In the end, there really is no standard OE GM oil pan that will fit the Jag chassis/crossmember without any modification and provide adequate ground clearance. The GM truck and Hummer oil pans with their extreme rearward sump would clear the crossmember, but hung 2-3 inches below it, so no ground clearance there. The Cadillac CTS-V uses a pan with a profile most like the (stamped steel) pans on earlier GM engines, but the shape did not quite fit, and again ground clearance was a problem (surprising as this comes from a relatively low car overall- they must have the engine mounted pretty high in the CTS). Corvette pans would have been the most attractive with their superior oil control and ground clearance, but their wild shapes (extreme widths and long sump) didn’t cut it. There are several different sources for modified LSx aluminum pans out there- however some of the mods done are significant (including extending the oil pickup- something that makes me queasy), and they usually reduce overall oil capacity. None of those seemed like good options. Ultimately,
we found a pan that would work, and work well for our application. Although this pan does require some modification for use in our Jags, the final combination of overall fit, good ground clearance, the ability to use a stock oil pickup, and a negligible loss of oil capacity made the required (relatively minor) mods acceptable. These modifications have been carefully detailed, and should be easy for any end user to duplicate locally. Attached are a few pics of the oil pan test fits- first photo is the Cadillac pan-notice it drops below the crossmember on the right and also below the lower edge of the bellhousing on the left. The next photo is the final design modified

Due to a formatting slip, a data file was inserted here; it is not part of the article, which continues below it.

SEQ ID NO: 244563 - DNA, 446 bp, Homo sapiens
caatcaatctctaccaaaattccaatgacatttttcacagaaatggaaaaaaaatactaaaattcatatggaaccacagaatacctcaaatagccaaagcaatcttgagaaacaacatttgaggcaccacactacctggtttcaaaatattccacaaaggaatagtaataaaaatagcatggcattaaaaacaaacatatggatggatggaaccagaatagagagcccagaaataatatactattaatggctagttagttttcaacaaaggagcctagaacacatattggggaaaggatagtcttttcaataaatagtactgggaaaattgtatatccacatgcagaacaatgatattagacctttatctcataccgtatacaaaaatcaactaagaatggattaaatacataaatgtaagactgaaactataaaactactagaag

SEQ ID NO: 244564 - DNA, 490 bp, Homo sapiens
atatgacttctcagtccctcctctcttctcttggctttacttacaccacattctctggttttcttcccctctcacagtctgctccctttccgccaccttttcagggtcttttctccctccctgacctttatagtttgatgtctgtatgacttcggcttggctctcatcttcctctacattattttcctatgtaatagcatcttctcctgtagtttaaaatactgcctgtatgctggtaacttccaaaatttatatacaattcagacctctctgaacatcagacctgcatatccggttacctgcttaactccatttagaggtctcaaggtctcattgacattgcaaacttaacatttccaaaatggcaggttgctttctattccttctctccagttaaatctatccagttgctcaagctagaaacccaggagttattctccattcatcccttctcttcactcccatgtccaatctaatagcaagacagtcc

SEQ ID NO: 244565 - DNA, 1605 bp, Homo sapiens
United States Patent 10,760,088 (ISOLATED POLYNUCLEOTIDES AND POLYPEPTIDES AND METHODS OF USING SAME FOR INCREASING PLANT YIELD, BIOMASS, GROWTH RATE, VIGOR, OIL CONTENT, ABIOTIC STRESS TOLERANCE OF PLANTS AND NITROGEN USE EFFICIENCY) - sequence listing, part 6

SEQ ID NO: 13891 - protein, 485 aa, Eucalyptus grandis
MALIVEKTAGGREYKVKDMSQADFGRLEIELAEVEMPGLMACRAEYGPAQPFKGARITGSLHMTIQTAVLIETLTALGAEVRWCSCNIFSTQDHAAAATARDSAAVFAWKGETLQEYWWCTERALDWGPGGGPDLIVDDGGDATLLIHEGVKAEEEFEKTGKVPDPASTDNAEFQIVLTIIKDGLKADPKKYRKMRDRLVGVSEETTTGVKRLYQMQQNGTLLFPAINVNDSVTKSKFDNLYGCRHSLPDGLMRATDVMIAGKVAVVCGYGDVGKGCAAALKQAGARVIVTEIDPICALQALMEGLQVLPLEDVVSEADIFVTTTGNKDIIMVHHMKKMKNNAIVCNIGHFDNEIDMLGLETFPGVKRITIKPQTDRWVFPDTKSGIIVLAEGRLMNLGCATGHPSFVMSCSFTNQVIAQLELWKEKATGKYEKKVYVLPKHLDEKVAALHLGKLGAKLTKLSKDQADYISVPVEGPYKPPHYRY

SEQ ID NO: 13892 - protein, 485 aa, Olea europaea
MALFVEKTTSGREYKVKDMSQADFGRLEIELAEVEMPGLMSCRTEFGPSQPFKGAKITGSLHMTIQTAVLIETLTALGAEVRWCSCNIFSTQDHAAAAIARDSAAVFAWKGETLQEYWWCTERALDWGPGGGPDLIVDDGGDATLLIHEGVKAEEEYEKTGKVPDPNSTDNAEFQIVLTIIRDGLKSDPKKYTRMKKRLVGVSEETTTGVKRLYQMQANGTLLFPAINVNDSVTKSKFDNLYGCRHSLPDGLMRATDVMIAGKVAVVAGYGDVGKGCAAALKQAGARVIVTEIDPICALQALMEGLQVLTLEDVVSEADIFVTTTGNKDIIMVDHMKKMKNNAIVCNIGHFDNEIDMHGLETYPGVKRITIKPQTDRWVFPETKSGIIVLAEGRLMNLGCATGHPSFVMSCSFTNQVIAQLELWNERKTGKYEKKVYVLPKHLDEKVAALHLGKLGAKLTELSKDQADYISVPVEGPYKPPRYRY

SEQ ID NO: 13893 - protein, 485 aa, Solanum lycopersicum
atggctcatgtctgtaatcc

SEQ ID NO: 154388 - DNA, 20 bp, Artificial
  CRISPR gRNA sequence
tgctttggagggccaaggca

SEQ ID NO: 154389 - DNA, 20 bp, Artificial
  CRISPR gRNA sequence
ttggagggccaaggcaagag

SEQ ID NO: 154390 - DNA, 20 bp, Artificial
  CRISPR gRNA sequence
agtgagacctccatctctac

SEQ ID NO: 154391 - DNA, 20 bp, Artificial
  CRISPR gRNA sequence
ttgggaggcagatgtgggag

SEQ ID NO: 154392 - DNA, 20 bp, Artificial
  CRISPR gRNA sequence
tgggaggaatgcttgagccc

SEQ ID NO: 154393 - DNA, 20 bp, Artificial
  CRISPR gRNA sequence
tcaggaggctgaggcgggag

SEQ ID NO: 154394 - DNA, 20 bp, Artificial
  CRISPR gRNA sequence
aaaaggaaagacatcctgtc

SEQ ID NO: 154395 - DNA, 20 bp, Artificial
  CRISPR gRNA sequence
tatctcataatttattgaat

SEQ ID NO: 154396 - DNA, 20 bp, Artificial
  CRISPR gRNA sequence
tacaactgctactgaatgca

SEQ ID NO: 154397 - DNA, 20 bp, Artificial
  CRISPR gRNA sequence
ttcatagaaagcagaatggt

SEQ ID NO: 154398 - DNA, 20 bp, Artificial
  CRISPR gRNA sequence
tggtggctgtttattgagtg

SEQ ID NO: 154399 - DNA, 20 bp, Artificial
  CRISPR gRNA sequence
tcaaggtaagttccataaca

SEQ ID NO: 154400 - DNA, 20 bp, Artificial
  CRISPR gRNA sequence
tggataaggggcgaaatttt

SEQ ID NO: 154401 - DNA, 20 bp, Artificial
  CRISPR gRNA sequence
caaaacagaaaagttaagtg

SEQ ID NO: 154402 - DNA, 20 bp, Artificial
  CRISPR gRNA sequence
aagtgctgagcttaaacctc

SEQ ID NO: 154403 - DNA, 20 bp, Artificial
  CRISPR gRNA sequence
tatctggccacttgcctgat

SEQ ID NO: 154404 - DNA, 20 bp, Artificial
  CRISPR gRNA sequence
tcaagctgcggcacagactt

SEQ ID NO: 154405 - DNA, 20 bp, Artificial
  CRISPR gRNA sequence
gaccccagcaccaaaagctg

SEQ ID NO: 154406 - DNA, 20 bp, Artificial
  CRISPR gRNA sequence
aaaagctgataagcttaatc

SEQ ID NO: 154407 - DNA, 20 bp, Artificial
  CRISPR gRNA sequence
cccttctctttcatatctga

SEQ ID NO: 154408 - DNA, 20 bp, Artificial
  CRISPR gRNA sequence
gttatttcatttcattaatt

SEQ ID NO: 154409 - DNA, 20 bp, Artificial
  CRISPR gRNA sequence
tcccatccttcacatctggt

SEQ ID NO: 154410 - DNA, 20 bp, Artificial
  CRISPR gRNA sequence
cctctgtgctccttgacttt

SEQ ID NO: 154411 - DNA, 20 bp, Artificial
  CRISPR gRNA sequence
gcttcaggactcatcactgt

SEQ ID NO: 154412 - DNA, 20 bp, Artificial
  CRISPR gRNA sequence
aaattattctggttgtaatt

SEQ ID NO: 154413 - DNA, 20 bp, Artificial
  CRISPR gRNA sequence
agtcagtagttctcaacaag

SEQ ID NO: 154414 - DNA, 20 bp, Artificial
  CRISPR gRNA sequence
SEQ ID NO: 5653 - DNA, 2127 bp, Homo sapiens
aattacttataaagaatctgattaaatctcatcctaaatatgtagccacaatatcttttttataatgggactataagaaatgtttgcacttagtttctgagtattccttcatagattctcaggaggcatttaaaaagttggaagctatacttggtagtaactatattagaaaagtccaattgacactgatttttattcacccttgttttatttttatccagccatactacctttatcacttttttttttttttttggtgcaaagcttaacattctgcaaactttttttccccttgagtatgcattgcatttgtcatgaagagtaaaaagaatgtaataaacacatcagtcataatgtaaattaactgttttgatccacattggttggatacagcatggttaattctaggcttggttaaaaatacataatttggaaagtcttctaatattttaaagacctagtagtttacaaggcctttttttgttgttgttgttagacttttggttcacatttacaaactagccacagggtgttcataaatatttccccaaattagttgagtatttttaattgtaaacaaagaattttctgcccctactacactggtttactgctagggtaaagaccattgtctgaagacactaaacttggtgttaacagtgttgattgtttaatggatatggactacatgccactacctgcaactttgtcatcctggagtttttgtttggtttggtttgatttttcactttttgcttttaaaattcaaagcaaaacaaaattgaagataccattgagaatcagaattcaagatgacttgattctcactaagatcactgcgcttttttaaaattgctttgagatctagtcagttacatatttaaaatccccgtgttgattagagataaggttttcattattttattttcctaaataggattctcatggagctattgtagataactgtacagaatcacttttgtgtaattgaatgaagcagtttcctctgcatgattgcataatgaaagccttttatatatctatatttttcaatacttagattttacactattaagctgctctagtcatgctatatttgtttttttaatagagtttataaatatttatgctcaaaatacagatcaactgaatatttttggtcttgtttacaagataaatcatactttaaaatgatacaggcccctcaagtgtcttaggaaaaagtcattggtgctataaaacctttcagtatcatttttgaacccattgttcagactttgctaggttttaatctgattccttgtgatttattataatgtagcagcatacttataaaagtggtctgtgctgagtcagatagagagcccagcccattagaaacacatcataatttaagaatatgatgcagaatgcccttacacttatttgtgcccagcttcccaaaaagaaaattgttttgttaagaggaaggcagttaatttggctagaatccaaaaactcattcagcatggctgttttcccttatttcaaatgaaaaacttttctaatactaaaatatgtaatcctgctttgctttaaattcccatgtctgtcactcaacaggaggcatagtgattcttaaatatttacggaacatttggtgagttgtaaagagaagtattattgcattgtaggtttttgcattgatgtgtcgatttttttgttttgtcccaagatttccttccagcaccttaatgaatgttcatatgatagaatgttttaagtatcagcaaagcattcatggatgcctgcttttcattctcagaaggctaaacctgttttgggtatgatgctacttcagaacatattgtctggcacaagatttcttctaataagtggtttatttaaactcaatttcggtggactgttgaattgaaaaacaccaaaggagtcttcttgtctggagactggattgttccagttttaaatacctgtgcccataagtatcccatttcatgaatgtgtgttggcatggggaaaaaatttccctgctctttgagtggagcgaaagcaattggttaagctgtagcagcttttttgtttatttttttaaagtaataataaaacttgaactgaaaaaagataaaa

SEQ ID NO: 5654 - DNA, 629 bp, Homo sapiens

standard GM pan- not really lower than the crossmember on the left, and in line with the bellhousing to the right.
Engine and transmission mounts-
As mentioned above, the old design engine and trans mounts were close to what might work for an LSx, but not close enough to use. The required higher engine positioning and changes to the 4L60E (2nd generation) tail housing area (where we typically bolted on the rubber isolator on the T700R4 or first gen 4L60E) required a redesign of the engine and trans mount adaptors. The final designs are all bolt-in pieces requiring no drilling, welding, or cutting on the Jag body or crossmember, and use the same Chevy engine and trans rubber isolators as earlier conversions. They are simple rugged pieces that install easily, offer some adjustment, and provide good access to other local components. The mount set designed here also allows the user to run the stock Camaro accessory drive system (including the low mount AC compressor) so there is no need for expensive aftermarket drive systems- just good old reliable OE GM. Here are couple of pics of the engines situated in both the XJ6C and XJS- they're both a really good fit.
The second generation 4L60E (different from the earlier 4L60E in that it has a detachable solid bellhousing and other improvements) actually still shares the same output shaft diameter and spline count as the earlier transmissions. As a result, the only real difference between driveshafts built for the LSx-Jag conversions and those using earlier Chevy engines, is the overall length. The drivetrain is positioned slightly rearward on these conversions, so the driveshafts themselves are just slightly shorter than before. Otherwise, the front yoke size/type, U-joint size, and the tube diameter are the same as before.
Coming in Part 3- Cooling system, basic wiring, and exhaust